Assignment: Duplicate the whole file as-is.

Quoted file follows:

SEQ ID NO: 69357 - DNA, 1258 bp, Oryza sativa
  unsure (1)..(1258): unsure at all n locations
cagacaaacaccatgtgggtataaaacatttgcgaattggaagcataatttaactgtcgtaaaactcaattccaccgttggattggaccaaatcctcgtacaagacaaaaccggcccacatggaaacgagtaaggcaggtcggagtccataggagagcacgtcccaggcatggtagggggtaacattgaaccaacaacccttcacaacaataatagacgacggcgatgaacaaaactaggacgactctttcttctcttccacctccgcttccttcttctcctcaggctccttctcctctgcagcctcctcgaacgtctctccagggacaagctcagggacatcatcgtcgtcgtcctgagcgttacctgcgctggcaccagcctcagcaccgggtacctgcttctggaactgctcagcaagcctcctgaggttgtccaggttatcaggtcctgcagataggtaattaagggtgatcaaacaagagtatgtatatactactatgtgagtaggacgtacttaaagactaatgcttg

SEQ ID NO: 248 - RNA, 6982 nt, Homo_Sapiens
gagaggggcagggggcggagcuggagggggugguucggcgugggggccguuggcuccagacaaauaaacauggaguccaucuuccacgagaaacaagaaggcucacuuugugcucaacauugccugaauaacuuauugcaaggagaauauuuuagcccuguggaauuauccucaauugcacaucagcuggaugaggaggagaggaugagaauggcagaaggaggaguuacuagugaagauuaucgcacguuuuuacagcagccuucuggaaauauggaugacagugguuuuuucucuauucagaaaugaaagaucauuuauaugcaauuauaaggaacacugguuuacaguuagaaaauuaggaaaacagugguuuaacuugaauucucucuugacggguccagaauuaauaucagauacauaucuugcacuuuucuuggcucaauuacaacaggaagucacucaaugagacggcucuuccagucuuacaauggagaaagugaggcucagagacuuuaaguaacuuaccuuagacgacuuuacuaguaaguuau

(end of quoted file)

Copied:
SEQ ID NO: 69357 - DNA, 1258 bp, Oryza sativa
  unsure (1)..(1258): unsure at all n locations
cagacaaacaccatgtgggtataaaacatttgcgaattggaagcataatttaactgtcgtaaaactcaattccaccgttggattggaccaaatcctcgtacaagacaaaaccggcccacatggaaacgagtaaggcaggtcggagtccataggagagcacgtcccaggcatggtagggggtaacattgaaccaacaacccttcacaacaataatagacgacggcgatgaacaaaactaggacgactctttcttctcttccacctccgcttccttcttctcctcaggctccttctcctctgcagcctcctcgaacgtctctccagggacaagctcagggacatcatcgtcgtcgtcctgagcgttacctgcgctggcaccagcctcagcaccgggtacctgcttctggaactgctcagcaagcctcctgaggttgtccaggttatcaggtcctgcagataggtaattaagggtgatcaaacaagagtatgtatatactactatgtgagtaggacgtacttaaagactaatgcttg

SEQ ID NO: 248 - RNA, 6982 nt, Homo_Sapiens
gagaggggcagggggcggagcuggagggggugguucggcgugggggccguuggcuccagacaaauaaacauggaguccaucuuccacgagaaacaagaaggcucacuuugugcucaacauugccugaauaacuuauugcaaggagaauauuuuagcccuguggaauuauccucaauugcacaucagcuggaugaggaggagaggaugagaauggcagaaggaggaguuacuagugaagauuaucgcacguuuuuacagcagccuucuggaaauauggaugacagugguuuuuucucuauucagaaaugaaagaucauuuauaugcaauuauaaggaacacugguuuacaguuagaaaauuaggaaaacagugguuuaacuugaauucucucuugacggguccagaauuaauaucagauacauaucuugcacuuuucuuggcucaauuacaacaggaagucacucaaugagacggcucuuccagucuuacaauggagaaagugaggcucagagacuuuaaguaacuuaccuuagacgacuuuacuaguaaguuau